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How do I tell what type of value is in a Perl variable?

$x might be a scalar, a ref to an array or a ref to a hash (or maybe other things).

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5 Answers 5

up vote 18 down vote accepted

ref():

http://www.cs.cf.ac.uk/Dave/PERL/node62.html

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I thought ref() would only tell you what type of reference it is and return nothing if it isn't one. –  Chris Kloberdanz Nov 13 '09 at 19:33
    
thx - well i wanted to say thx only - but its not allowed –  pm100 Nov 13 '09 at 19:35
5  
@Chris: Right, so if the variable is not a reference, you can infer that it is a simple scalar from the fact that it returns nothing. Otherwise, you will know what kind of reference it is. –  Adam Bellaire Nov 13 '09 at 19:35
    
@pm100: You're absolutely welcome; perhaps you could edit your question saying what constraints you have? –  ctd Nov 13 '09 at 19:52
5  
I think pm100's was talking about the 15 char comment constraint on SO. –  mob Nov 13 '09 at 20:32

$x is always a scalar. The hint is the sigil $: any variable (or dereferencing of some other type) starting with $ is a scalar. (See perldoc perldata for more about data types.)

A reference is just a particular type of scalar. The built-in function ref will tell you what kind of reference it is. On the other hand, if you have a blessed reference, ref will only tell you the package name the reference was blessed into, not the actual core type of the data (blessed references can be hashrefs, arrayrefs or other things). You can use Scalar::Util 's reftype will tell you what type of reference it is:

use Scalar::Util qw(reftype);

my $x = bless {}, 'My::Foo';
my $y = { };

print "type of x: " . ref($x) . "\n";
print "type of y: " . ref($y) . "\n";
print "base type of x: " . reftype($x) . "\n";
print "base type of y: " . reftype($y) . "\n";

...produces the output:

type of x: My::Foo
type of y: HASH
base type of x: HASH
base type of y: HASH

For more information about the other types of references (e.g. coderef, arrayref etc), see this question: http://stackoverflow.com/questions/1399833/how-can-i-get-perls-ref-function-to-return-ref-io-and-lvalue and perldoc perlref.

Note: You should not use ref to implement code branches with a blessed object (e.g. $ref($a) eq "My::Foo" ? say "is a Foo object" : say "foo not defined";) -- if you need to make any decisions based on the type of a variable, use isa (i.e if ($a->isa("My::Foo") { ... or if ($a->can("foo") { ...). Also see polymorphism.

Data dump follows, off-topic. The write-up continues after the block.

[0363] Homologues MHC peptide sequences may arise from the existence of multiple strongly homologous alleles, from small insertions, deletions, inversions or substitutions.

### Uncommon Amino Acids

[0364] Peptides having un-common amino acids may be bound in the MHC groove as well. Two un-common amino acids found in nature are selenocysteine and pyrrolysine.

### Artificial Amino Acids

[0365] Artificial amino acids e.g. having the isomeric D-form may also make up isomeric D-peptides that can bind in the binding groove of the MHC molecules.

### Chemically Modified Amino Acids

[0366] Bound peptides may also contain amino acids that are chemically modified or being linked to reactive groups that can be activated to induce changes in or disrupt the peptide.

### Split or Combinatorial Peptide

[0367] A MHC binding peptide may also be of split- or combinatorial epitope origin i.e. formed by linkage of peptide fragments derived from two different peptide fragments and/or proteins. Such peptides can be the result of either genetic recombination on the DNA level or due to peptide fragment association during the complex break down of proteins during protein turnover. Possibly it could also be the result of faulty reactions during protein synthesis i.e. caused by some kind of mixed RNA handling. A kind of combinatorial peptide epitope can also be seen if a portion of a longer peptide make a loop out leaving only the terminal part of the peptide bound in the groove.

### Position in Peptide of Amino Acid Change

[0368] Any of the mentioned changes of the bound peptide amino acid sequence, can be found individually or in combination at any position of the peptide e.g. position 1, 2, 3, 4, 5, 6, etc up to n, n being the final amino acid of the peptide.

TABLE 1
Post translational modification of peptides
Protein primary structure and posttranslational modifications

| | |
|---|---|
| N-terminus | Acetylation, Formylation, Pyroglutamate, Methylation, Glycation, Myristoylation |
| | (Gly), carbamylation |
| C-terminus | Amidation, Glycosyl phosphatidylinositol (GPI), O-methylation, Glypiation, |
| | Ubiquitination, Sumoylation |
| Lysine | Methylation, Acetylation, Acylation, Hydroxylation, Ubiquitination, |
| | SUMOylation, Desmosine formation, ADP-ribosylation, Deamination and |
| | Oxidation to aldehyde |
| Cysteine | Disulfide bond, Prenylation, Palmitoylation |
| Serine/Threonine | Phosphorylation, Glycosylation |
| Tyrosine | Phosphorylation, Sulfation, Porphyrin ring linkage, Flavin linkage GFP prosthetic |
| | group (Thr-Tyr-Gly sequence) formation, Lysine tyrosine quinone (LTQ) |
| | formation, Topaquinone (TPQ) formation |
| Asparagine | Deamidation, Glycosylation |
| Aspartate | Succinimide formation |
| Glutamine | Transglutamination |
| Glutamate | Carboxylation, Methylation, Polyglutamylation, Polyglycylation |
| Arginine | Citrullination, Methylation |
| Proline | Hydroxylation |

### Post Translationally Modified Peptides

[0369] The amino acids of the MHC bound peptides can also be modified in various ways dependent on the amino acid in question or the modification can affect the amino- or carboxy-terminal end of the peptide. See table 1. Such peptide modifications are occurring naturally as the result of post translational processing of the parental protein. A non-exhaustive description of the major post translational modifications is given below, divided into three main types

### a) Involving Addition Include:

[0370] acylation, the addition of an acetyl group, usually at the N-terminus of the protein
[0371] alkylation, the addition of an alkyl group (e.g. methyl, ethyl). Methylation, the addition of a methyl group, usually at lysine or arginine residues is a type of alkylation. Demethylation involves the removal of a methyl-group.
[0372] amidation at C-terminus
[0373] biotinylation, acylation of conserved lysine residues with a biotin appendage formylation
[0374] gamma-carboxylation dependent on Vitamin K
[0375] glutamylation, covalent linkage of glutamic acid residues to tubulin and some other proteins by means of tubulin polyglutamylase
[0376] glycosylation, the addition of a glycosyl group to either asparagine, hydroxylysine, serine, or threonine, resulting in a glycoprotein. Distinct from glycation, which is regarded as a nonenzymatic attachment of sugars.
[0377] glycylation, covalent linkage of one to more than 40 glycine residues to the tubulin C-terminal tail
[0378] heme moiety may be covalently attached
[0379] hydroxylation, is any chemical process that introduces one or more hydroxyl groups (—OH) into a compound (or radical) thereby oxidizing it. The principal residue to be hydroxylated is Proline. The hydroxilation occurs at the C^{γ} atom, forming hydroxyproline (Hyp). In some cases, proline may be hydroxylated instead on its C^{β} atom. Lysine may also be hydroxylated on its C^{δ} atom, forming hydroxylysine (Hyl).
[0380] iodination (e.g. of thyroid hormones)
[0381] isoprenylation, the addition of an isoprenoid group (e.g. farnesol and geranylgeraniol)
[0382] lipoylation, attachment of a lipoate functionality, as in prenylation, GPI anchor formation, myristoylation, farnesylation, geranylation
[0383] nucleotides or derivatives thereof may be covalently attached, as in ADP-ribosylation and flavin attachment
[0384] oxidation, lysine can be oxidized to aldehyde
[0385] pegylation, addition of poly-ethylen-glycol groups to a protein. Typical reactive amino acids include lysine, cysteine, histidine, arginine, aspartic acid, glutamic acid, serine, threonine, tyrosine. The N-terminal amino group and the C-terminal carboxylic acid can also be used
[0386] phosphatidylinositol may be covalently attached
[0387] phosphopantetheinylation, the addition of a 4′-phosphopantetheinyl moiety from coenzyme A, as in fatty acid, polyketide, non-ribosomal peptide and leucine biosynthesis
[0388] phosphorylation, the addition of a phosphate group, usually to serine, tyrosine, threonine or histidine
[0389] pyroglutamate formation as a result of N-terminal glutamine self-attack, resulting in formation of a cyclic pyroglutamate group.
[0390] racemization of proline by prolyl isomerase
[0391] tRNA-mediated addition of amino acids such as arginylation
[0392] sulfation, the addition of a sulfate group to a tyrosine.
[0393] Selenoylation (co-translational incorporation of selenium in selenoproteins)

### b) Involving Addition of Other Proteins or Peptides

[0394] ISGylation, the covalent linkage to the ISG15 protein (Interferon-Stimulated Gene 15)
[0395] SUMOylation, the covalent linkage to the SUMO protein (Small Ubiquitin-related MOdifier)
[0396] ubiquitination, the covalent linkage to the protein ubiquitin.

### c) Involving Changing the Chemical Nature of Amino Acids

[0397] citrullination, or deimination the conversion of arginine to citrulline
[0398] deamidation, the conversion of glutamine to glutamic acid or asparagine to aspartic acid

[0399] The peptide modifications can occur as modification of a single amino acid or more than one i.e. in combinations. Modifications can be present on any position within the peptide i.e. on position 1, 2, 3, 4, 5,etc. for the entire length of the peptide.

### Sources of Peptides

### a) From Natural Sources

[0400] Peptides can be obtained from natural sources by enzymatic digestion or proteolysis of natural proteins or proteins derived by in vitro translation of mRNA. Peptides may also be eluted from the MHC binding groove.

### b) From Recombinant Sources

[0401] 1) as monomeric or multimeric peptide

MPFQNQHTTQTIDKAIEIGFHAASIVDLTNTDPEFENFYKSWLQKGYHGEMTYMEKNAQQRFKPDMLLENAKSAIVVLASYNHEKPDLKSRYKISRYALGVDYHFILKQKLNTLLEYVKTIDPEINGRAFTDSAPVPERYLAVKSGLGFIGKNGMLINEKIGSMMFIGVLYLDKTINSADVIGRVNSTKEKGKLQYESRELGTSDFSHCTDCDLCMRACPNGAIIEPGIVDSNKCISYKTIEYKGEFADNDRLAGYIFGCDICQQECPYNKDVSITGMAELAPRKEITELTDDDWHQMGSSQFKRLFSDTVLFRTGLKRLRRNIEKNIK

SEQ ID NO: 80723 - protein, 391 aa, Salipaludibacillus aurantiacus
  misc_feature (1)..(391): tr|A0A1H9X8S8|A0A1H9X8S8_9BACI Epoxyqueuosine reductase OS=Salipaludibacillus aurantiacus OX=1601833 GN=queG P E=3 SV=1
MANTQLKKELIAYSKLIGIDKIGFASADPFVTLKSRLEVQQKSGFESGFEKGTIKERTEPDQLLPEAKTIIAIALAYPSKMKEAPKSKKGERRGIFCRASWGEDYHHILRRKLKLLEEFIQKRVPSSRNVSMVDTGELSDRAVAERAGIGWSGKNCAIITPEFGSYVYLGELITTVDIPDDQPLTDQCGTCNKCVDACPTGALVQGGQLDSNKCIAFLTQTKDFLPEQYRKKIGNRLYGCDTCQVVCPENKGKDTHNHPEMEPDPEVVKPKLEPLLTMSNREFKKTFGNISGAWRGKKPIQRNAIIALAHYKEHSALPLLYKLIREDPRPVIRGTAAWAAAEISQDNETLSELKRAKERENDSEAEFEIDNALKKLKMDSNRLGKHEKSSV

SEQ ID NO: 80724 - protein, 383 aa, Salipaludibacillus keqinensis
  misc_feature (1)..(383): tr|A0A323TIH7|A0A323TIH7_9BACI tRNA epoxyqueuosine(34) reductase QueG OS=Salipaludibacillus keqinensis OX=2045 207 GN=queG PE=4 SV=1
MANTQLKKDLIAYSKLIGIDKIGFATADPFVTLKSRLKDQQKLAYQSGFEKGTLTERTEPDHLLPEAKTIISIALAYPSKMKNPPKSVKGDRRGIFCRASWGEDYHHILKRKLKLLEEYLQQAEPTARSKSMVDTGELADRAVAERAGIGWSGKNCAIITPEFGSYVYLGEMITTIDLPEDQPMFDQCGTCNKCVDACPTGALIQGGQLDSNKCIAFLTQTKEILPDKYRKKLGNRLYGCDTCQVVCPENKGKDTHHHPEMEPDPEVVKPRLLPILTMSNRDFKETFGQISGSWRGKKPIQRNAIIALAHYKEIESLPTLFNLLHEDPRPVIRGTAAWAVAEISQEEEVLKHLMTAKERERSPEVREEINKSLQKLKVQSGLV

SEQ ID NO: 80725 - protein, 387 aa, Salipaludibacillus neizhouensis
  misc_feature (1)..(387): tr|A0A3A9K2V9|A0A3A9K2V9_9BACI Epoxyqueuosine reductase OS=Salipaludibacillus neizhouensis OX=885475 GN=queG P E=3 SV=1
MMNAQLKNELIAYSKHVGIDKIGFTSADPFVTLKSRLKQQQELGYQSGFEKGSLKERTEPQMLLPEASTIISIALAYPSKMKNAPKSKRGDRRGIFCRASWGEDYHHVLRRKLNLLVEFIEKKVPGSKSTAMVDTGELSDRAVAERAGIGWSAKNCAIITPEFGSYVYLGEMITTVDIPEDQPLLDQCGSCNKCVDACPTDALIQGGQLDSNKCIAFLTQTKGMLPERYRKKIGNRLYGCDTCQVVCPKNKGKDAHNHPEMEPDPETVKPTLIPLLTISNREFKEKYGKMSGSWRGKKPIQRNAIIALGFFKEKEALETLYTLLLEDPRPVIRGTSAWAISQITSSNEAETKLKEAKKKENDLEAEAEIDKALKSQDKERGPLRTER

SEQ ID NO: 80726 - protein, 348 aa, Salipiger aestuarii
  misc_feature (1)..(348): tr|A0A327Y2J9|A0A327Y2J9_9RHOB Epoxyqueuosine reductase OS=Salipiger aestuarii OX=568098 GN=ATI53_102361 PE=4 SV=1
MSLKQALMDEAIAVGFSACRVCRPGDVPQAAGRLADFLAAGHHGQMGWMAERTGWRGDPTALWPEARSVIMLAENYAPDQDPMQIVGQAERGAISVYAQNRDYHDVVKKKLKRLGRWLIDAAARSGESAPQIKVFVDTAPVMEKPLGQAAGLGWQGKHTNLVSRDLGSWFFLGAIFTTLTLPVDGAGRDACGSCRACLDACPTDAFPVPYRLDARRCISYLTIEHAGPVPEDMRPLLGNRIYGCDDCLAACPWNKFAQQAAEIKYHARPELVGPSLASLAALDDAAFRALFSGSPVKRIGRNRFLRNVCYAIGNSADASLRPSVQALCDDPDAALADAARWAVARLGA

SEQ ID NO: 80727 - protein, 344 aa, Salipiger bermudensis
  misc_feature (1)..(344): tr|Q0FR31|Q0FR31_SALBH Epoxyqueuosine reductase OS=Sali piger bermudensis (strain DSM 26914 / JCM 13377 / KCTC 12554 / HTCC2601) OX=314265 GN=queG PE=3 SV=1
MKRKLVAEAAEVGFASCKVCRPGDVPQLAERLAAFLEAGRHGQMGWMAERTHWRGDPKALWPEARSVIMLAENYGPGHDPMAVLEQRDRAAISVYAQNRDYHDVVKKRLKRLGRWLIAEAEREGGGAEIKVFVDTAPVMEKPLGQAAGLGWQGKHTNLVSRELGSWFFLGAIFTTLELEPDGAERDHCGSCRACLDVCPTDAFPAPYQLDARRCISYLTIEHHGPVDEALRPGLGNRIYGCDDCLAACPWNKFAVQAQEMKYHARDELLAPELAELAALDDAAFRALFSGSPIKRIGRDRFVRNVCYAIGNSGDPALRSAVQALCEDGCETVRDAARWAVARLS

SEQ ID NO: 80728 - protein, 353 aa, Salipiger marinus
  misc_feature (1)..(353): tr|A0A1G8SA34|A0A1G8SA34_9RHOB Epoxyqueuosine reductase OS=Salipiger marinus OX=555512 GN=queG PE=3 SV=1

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3  
Note that reftype, by definition, violates encapsulation, so should be avoided unless you have a very good reason. –  ysth Nov 15 '09 at 2:23
2  
If you do use reftype, be aware that it returns undef for a non-reference, so code like reftype($x) eq 'HASH' may result in warnings. (ref, on the other hand, conveniently returns '' for non-references.) –  ysth Nov 15 '09 at 2:25
    
@ysth: quite so! I've updated my response.. it's rare to find a good use for ref on blessed objects. –  Ether Nov 15 '09 at 3:05
    
(er, I meant to say reftype of course.) :) If one needs to access a blessed object directly, there should be an accessor method which abstracts away the implementation details. –  Ether Jan 7 '10 at 18:57

A scalar always holds a single element. Whatever is in a scalar variable is always a scalar. A reference is a scalar value.

If you want to know if it is a reference, you can use ref. If you want to know the reference type, you can use the reftype routine from Scalar::Util.

If you want to know if it is an object, you can use the blessed routine from Scalar::Util. You should never care what the blessed package is, though. UNIVERSAL has some methods to tell you about an object: if you want to check that it has the method you want to call, use can; if you want to see that it inherits from something, use isa; and if you want to see it the object handles a role, use DOES.

If you want to know if that scalar is actually just acting like a scalar but tied to a class, try tied. If you get an object, continue your checks.

If you want to know if it looks like a number, you can use looks_like_number from Scalar::Util. If it doesn't look like a number and it's not a reference, it's a string. However, all simple values can be strings.

If you need to do something more fancy, you can use a module such as Params::Validate.

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I like polymorphism instead of manually checking for something: